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Ken Borland

Is everyone there on merit? One wonders … 0

Posted on November 17, 2016 by Ken


Cricket South Africa (CSA) has assured their stakeholders that selection for the national team will only be on merit and this week signed a new transformation agreement with Sascoc and the Department of Sports and Recreation in which they are apparently the only sporting code that has not agreed to quotas at the highest level.

CSA’s attitude is that the system must provide the national team with black players on merit, which is why they are aggressively pursuing quotas at domestic level.

It is also believed that CSA have met with the Proteas and have clarified with them that there was no interference in selection at the World Cup and that there won’t be targets in future.

But the squads announced for the tour of Bangladesh in July do make one wonder.

Reeza Hendricks and Aaron Phangiso have been picked for the Test squad, while Kagiso Rabada has leapfrogged Kyle Abbott in the fast-bowling pecking order.

I have the utmost respect as cricketers for them, but logic suggests the selectors were not looking at purely on-field performance in making these decisions.

Hendricks is undoubtedly a bright talent and I fully support him being involved in the limited-overs squads. But the figures show that Hendricks is not yet ready to be a Test opener. His first-class franchise batting average is just 34.55 with three centuries in 20 matches. Last season he averaged just 31.76, half what Highveld Lions opener Stephen Cook managed.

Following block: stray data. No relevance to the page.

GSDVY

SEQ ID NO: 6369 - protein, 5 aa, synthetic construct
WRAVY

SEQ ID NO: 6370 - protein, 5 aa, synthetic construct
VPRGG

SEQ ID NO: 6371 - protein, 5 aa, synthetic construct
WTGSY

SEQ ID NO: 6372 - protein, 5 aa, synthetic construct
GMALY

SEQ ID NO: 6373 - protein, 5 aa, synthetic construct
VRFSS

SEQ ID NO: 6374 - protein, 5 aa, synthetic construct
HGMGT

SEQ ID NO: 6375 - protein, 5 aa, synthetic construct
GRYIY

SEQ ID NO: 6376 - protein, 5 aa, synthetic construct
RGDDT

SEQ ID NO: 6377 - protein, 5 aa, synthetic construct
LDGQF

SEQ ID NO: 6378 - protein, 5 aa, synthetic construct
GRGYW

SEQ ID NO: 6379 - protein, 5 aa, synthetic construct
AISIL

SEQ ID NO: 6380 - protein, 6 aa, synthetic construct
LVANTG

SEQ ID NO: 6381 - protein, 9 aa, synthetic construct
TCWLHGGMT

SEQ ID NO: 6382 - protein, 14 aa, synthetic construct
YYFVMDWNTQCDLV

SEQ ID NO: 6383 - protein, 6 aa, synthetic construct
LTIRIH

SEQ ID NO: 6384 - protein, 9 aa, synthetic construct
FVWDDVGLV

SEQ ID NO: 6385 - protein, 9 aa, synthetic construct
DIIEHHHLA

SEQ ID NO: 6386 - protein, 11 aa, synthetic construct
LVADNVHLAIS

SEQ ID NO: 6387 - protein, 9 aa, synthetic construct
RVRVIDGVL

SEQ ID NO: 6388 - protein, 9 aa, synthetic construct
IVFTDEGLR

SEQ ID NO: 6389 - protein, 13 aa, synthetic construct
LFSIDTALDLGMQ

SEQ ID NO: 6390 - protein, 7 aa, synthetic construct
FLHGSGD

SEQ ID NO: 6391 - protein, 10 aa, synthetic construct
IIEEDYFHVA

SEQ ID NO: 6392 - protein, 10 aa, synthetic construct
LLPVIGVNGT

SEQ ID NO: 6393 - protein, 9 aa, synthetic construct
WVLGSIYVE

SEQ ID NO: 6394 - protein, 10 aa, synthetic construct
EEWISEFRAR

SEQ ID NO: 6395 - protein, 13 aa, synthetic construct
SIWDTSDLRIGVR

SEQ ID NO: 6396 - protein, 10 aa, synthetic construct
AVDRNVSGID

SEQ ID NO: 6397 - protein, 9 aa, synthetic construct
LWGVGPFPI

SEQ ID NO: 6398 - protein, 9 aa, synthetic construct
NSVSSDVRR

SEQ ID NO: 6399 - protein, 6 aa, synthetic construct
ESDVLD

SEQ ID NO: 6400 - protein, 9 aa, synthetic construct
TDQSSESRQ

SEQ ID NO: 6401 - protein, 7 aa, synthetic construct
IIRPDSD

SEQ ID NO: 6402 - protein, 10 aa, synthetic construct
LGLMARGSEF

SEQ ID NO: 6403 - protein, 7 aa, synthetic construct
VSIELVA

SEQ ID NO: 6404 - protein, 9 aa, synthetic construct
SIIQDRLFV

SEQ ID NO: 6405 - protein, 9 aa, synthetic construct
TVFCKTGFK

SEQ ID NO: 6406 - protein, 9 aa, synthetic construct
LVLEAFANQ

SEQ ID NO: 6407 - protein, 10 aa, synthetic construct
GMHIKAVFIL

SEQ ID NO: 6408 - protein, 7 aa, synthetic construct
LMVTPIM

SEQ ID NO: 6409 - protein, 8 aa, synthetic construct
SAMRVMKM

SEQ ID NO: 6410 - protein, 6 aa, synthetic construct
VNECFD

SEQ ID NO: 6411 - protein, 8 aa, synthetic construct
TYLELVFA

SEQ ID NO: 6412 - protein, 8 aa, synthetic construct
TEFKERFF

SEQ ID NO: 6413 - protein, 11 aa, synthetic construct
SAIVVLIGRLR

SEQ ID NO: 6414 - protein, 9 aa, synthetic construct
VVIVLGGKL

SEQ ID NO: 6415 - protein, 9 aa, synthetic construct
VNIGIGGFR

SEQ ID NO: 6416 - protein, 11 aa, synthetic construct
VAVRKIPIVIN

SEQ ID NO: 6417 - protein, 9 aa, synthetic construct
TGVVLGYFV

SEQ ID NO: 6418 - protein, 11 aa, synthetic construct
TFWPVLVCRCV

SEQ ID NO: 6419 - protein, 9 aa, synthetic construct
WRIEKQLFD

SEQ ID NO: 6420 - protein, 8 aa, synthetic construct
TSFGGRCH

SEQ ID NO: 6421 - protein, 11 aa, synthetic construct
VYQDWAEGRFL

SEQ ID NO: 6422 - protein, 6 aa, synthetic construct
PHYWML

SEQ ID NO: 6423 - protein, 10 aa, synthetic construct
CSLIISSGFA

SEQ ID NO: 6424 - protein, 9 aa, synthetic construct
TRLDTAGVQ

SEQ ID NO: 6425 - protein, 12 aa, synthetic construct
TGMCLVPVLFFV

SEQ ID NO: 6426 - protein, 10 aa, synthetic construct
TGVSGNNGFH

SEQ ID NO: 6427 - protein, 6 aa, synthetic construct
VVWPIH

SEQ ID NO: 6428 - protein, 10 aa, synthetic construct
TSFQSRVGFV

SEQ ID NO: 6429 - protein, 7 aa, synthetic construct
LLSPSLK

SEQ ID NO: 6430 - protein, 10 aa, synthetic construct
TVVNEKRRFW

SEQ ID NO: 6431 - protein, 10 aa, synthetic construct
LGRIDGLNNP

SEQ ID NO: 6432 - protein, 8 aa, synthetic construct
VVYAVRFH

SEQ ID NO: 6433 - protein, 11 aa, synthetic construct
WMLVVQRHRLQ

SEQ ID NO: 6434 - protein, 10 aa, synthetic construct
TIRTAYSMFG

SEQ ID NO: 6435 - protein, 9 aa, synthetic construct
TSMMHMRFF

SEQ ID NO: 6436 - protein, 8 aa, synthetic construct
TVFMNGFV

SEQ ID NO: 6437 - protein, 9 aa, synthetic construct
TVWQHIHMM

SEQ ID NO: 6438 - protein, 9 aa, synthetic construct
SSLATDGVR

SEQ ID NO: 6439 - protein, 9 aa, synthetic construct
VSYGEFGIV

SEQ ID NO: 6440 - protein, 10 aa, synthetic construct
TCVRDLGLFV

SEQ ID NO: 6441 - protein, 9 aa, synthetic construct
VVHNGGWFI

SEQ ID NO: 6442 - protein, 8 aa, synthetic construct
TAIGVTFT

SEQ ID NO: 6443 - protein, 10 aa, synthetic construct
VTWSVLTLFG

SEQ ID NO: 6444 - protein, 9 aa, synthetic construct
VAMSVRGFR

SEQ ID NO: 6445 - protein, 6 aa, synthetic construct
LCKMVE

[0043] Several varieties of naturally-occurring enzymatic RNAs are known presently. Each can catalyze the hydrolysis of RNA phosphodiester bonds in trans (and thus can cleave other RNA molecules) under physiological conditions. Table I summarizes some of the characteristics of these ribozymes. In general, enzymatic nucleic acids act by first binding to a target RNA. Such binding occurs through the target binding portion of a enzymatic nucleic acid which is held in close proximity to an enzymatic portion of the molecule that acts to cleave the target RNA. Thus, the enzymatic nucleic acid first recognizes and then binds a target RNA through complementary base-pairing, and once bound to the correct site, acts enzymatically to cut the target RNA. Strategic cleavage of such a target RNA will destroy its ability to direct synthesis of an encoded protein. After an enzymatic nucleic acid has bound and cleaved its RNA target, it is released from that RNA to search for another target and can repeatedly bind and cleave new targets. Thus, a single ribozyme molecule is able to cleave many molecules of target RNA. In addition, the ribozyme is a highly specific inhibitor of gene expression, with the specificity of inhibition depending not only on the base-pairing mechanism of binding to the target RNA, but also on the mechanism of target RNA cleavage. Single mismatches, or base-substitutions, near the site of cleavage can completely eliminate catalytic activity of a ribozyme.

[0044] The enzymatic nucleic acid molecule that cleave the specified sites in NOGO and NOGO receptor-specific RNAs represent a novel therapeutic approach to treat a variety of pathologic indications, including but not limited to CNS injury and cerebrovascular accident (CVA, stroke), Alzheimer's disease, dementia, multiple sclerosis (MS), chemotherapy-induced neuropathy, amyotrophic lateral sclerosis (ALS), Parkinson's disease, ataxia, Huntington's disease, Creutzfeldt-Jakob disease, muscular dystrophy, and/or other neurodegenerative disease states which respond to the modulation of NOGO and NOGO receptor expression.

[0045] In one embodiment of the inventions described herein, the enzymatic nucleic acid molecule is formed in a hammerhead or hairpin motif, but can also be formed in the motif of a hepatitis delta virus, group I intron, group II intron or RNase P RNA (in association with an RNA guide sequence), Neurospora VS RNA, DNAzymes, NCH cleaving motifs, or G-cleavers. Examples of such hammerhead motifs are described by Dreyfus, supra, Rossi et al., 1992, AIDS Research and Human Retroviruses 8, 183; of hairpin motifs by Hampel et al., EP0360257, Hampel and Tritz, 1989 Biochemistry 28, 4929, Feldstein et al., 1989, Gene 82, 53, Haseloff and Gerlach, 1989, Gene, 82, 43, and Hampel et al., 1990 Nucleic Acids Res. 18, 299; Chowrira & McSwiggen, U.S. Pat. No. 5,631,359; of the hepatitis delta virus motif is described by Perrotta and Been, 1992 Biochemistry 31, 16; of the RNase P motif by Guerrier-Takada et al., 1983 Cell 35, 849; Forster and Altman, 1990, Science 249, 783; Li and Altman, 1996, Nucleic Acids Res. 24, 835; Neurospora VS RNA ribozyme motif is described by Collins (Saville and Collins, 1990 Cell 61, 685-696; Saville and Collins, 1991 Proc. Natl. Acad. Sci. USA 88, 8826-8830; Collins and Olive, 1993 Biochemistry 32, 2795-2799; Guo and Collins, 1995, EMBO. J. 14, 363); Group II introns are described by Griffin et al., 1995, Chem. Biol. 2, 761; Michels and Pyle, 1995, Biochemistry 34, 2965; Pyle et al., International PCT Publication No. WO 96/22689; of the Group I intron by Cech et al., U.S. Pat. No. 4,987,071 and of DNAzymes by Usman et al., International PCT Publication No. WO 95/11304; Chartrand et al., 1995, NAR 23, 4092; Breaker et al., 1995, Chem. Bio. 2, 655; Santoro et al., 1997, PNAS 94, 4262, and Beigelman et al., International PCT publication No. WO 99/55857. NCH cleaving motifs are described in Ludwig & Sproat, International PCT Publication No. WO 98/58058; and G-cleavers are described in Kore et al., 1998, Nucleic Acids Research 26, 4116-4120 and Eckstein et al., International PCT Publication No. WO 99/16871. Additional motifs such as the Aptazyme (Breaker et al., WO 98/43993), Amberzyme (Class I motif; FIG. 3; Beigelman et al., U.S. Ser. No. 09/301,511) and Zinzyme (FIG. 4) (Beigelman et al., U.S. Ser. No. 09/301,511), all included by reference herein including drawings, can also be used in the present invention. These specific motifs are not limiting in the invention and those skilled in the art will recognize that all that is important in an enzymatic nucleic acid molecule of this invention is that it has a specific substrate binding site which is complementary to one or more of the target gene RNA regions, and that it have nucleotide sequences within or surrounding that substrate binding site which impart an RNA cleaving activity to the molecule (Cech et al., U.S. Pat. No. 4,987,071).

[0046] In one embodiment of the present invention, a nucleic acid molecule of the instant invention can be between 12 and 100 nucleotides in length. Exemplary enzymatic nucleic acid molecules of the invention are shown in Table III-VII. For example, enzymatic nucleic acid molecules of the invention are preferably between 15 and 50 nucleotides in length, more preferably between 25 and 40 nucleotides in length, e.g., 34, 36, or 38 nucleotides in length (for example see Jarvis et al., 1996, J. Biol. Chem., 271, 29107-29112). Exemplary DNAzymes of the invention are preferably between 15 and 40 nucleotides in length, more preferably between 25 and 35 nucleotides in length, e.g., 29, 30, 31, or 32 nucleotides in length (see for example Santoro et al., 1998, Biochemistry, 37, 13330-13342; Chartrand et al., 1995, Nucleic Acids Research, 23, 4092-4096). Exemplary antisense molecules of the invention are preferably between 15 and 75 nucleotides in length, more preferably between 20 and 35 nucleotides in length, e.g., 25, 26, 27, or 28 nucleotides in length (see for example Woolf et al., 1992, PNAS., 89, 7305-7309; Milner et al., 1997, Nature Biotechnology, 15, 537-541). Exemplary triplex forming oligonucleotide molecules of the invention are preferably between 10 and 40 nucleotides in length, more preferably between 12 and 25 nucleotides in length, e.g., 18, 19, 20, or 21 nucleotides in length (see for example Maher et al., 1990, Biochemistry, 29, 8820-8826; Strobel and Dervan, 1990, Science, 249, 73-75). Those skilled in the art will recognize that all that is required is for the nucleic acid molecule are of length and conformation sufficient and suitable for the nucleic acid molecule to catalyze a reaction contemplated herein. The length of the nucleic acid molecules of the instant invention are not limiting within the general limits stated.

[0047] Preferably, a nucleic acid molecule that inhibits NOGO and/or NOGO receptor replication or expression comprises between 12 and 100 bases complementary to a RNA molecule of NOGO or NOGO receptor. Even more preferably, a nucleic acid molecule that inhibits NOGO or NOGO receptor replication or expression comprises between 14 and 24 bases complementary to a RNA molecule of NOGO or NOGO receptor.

Cook has scored 10 centuries in the last two seasons, while Cobras opener Andrew Puttick has averaged 49.27 and 40.23 in the last two Sunfoil Series season. The fact that these two prolific batsman can’t make the side when an opening batsman is required and yet someone whose performances in the same competition are far inferior only adds fuel to the fire that is raging around selection for the national team.

The cynic in me believes that Phangiso’s selection for the Test squad is to make up for the appalling manner in which he was treated at the World Cup that saw him not play a single game.

Both Phangiso and Highveld Lions coach Geoff Toyana have gone on record as saying that the 31-year-old still needs a lot of work in the longer format and five wickets at an average of 67 in the Sunfoil Series shows that is the case.

Convenor of selectors Andrew Hudson said that they wanted a left-arm spinner for the squad and there is a ready-made, experienced, proven option in Robin Peterson.

As far as Rabada goes, I am certain that he will be a great fast bowler for South Africa in all formats, but what has Abbott done wrong?

Lady Luck always has her say when it comes to cricket, but Abbott has been one of the most unfortunate players in the country for a while now.

As a unit, the Proteas have been exceptionally strong in the Test arena, but the pain of the World Cup loss was all too obvious and whether CSA’s clearing-the-air session with the players was enough remains to be seen. They maintain that the only affirmative action when it comes to selection is if there is a 50/50 choice between two players, then the player of colour will get the benefit.

Was Hendricks being preferred to Cook really a 50/50 call? Phangiso over Peterson and Rabada ahead of Abbott?